Zombieland with vampires? Not exactly. Several years ago, the zombie film Mulberry Street became one of my favorite zombie films of all time! It was directed by Jim Mickle and written by Mickle and Nick Damici (who also stars in the film).
I was psyched when I found out the two have finally returned with another film. And once again, I’m not disappointed. Nick Damici returns as the star—looking a little rougher with his long hair then he did with his cute short cut in Mulberry Street. Stake Land also has the benefit of the one and only Danielle Harris.
On top of that, this gloom and doom horror film has some freaky deaky horrific vampires! The vampires have that Night of the Demons feel to them, so they aren’t your run of the mill sexy, seductive vamps. However, while the gore and makeup is delicious, this isn’t an action film. This is a slow burning, heavy character driven film—with serious religious themes!
When the film begins, you’ll feel like it’s picking up right where Salem’s Lot left off like 4 decades ago. A man (Damici) and a teen boy are traveling across what remains of the U.S., which has been overrun by vampires. In this interesting post apocalyptic tale, those humans who have survived have either established small communities in locked down towns, or gone off to create some psychotic religions of their own. Extracted vampire incisors have become hot commodities for trading and purchasing life’s necessities.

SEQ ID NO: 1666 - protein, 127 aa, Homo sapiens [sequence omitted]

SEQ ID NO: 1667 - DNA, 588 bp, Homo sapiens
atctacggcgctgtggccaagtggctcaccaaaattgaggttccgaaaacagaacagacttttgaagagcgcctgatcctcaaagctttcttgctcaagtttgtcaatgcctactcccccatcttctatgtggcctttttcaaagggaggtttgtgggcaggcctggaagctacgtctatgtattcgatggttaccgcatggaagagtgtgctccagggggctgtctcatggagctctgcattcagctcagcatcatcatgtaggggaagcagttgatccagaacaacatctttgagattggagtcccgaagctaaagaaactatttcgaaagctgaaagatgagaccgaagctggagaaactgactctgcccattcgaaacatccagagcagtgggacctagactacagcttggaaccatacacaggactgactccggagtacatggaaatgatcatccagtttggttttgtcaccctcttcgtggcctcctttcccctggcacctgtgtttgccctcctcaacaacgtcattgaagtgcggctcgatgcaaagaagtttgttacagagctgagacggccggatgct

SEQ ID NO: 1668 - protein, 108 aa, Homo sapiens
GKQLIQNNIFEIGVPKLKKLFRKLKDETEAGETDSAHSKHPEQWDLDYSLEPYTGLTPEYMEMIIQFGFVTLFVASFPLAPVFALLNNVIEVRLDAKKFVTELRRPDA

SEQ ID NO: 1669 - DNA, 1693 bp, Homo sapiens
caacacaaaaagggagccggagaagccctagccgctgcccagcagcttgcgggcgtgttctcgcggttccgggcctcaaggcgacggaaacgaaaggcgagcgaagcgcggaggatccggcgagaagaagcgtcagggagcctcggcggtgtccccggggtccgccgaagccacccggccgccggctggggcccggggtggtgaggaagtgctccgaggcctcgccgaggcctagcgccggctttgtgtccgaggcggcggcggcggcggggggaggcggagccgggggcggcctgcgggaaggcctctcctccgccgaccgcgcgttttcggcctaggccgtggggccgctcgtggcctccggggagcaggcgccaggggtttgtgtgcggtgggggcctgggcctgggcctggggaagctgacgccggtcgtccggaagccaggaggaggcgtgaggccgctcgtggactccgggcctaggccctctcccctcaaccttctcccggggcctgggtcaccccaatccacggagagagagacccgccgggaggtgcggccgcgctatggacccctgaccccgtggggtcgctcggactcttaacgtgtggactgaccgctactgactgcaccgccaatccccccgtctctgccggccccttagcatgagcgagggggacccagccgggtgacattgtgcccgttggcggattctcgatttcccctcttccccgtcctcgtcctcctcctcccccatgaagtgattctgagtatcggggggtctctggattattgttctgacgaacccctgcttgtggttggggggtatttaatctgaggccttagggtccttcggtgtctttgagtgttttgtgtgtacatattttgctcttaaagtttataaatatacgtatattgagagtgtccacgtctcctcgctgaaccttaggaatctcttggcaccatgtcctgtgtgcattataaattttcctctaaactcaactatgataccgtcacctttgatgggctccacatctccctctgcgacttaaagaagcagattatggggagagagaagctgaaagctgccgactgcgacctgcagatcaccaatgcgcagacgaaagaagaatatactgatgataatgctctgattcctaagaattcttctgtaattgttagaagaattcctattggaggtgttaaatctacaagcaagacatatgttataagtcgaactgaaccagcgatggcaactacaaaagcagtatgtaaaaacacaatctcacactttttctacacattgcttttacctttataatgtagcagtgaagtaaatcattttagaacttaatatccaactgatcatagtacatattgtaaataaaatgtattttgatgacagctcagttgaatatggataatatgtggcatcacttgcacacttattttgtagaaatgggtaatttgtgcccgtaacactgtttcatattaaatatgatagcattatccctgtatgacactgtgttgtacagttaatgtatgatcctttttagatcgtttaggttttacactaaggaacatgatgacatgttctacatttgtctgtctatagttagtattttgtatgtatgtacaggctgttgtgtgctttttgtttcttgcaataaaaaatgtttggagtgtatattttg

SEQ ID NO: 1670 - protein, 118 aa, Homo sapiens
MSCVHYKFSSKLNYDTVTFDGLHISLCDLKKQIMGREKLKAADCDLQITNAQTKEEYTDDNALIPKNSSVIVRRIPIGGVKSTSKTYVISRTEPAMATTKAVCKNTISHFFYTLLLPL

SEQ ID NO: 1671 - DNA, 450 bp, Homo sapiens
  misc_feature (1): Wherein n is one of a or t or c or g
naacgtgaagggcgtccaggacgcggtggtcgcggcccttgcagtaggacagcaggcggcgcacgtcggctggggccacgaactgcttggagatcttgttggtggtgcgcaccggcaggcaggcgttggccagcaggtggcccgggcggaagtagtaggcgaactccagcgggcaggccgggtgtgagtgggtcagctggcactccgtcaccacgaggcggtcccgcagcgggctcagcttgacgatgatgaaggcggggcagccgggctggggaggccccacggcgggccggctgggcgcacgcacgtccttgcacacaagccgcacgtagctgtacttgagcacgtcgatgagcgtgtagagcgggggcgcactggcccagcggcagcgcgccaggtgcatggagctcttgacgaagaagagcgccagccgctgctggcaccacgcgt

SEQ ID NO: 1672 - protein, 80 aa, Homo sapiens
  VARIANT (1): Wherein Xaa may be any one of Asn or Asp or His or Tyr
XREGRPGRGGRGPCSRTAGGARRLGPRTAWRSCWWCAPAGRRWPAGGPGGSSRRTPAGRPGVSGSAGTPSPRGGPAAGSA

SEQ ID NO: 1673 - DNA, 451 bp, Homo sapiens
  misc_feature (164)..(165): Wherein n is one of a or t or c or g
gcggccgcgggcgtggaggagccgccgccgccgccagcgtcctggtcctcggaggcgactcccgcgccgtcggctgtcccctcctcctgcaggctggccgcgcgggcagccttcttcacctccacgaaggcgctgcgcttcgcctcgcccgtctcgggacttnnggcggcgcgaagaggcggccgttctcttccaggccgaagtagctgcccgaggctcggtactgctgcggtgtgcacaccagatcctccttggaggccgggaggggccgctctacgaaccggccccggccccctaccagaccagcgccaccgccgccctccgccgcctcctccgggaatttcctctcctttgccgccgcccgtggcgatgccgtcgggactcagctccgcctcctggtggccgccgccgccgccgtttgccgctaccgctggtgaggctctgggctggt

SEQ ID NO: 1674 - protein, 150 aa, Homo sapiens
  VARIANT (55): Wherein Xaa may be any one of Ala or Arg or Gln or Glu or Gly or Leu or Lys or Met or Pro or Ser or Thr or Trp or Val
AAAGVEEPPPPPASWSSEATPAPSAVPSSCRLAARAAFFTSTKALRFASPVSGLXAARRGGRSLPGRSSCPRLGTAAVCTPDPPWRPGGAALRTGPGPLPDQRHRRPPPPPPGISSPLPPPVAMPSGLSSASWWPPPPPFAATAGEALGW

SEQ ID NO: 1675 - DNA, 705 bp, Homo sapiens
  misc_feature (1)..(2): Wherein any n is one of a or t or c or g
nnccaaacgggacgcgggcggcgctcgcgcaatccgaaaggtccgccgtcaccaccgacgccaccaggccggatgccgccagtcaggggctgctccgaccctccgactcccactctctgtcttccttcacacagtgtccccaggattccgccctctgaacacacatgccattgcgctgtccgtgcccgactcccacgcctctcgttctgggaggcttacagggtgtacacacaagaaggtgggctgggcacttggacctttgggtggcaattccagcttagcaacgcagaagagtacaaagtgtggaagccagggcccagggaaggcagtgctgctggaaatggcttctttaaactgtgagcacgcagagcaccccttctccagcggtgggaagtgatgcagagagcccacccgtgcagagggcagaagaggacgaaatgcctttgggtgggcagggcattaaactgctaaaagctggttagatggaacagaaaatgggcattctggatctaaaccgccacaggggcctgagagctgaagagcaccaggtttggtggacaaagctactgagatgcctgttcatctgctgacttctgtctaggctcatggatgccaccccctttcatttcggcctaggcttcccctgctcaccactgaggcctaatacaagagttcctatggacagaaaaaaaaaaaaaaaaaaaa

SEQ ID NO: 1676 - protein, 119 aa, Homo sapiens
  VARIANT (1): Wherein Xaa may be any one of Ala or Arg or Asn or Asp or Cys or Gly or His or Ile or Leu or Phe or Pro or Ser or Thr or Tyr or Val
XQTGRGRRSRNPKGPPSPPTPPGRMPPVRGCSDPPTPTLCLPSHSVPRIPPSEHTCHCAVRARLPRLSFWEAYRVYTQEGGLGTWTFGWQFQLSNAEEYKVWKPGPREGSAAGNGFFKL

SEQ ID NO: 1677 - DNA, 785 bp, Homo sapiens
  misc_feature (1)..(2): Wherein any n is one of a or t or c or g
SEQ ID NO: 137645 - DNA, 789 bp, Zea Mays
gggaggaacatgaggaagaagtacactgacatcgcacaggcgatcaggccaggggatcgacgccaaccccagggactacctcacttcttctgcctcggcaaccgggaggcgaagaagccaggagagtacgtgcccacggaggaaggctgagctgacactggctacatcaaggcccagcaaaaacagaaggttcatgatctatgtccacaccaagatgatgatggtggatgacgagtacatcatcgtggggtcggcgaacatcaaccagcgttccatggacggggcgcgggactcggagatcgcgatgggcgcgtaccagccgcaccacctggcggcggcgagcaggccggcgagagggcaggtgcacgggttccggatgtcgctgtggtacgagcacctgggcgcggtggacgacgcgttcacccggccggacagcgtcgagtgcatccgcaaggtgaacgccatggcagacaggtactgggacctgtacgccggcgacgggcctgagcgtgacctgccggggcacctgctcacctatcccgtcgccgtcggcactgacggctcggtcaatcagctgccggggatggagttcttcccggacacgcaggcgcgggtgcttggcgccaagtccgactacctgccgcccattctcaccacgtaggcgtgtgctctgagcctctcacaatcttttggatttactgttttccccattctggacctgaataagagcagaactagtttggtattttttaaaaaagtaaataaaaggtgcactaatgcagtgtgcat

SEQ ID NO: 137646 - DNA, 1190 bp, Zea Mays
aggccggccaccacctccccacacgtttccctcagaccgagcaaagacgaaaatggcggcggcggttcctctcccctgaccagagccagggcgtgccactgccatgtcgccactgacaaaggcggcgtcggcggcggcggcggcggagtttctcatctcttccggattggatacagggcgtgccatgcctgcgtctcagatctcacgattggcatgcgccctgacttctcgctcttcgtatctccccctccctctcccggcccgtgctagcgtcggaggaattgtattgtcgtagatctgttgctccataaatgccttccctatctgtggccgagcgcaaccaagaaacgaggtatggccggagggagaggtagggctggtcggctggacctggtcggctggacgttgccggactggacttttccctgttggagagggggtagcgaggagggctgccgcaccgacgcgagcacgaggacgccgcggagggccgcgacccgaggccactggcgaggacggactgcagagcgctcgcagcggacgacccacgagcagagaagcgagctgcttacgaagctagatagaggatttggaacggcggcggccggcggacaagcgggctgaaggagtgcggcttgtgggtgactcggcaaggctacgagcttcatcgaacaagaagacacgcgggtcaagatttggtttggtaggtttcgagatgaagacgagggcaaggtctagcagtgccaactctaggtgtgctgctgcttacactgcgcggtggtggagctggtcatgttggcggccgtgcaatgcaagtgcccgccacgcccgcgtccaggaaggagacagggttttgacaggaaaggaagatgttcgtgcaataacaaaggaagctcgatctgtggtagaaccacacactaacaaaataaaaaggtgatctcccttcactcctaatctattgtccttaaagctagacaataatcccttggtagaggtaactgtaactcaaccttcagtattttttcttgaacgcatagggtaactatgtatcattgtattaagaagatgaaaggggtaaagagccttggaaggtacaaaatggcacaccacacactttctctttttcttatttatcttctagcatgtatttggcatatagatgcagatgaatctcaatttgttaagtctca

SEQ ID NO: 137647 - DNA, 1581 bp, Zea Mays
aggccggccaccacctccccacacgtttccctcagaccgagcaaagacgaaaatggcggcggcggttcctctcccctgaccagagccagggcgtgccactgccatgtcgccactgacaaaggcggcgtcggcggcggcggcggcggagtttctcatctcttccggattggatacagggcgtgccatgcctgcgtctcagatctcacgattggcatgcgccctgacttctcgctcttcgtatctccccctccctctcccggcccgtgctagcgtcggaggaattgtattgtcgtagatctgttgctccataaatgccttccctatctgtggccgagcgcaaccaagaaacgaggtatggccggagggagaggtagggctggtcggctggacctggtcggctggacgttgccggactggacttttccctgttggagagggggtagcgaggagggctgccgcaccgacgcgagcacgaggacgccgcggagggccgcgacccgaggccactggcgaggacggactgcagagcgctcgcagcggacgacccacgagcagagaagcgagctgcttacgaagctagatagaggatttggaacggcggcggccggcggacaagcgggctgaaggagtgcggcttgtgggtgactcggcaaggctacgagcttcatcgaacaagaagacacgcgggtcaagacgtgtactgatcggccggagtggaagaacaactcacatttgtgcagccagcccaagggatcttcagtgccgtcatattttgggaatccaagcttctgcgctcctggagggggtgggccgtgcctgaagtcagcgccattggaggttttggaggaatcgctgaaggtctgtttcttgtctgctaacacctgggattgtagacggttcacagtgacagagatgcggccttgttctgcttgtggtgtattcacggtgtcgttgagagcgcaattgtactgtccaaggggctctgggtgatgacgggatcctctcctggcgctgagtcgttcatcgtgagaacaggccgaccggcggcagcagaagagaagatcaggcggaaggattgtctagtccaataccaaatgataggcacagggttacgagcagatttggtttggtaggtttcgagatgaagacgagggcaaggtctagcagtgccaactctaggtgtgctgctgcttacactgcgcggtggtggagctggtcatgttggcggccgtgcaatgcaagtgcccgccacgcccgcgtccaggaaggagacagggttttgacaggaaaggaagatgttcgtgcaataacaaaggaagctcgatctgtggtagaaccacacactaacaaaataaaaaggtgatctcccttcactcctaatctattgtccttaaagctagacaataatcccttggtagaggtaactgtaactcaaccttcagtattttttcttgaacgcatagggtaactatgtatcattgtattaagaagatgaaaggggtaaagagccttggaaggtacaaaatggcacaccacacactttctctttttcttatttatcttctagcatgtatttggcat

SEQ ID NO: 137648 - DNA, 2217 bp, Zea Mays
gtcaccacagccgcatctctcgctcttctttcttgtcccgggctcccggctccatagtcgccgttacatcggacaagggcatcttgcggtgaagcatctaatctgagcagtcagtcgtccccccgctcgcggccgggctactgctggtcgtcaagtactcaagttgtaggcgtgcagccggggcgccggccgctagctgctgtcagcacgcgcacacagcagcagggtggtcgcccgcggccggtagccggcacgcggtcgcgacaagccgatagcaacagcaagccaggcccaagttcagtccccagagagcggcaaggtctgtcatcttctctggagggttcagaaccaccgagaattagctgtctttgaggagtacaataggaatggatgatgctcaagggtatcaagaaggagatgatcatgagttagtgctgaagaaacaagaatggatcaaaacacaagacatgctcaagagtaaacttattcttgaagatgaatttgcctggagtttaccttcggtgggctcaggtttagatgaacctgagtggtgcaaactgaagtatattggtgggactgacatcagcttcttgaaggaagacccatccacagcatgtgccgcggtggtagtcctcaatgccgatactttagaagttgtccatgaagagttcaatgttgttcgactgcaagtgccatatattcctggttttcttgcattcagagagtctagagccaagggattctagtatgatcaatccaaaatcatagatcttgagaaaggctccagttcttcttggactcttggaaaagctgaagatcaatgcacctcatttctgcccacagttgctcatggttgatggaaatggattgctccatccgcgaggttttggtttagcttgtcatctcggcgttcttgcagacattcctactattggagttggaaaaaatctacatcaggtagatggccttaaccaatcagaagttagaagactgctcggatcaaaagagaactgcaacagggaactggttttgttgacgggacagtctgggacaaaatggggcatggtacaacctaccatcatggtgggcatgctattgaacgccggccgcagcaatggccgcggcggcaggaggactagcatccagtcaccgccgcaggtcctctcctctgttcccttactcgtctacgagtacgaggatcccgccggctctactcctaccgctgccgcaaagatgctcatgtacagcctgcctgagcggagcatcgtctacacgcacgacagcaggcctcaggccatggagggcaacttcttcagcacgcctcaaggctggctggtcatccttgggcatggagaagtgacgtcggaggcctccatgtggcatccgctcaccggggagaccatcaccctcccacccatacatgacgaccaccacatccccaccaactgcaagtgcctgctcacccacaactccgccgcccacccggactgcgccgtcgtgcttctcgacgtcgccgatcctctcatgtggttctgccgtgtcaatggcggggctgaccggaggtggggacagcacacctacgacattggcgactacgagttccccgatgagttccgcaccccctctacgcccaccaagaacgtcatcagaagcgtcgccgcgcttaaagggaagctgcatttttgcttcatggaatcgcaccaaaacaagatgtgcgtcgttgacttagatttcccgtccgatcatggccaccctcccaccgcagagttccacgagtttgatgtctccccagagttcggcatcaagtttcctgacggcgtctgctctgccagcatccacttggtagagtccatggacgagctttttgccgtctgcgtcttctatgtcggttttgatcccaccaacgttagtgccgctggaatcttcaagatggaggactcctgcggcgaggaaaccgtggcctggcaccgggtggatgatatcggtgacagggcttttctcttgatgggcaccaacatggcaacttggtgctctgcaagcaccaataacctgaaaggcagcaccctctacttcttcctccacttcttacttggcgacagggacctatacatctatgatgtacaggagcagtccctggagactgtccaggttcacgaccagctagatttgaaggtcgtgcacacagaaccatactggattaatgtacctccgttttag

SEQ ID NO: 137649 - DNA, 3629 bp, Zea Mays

While pretty much bashing religious extremism as destructive cult practices, the film also has a kinder, gentler approach to traditional Catholicism. After a sick opening, including a baby falling victim to the vamps, the pair comes across a nun—being raped by two rednecks! And she’s played awesomely by big old dyke Kelly McGillis, no less!
The man teaches the rapists a violent lesson, and the nun joins the pair. She is essentially the symbol of faith, lack of faith, and loss of faith in a world gone evil. At the other extreme is the bald leader of a cult that wears creepy hoods and is soon the worst nightmare of our traveling trio. This becomes the central conflict of the film as our group of heroes travels across country picking up strays here and there.
This harsh, brutal, bleak film brings some really fresh and freaky additions to the bloodsucker genre. The vamps are afraid of fire. Ages-old vamps need to be killed with a spike through the back of the neck. There’s a frightening scene in a cornfield (but, let’s be honest. If you put a cornfield scene in a movie and it fails to be frightening, then you really suck as a director). And there’s also an absolutely mind-blowing scene involving vampires and dive-bombing. That’s all I’m going to say….
The only bizarre aspect of the film (that kind of ruins it!) comes right near the end with the sudden introduction of a sort of ‘super vampire.’ In a film that seems to be suggesting that false religions are bad and only true faith will be your salvation, the presentation of the super vamp works like some sort of great contradiction—we can only assume the offered theory as to how he became a super vamp is wrong. But we aren’t presented with another explanation as to why he became a super vamp, so you are left with a sense that having faith is a big fricking waste!
Although, in the end we get a definite metaphor for Adam, Eve, and the Garden of Eden, so perhaps the Biblical explanation for creation is the answer to rebuilding humanity after a vampire apocalypse.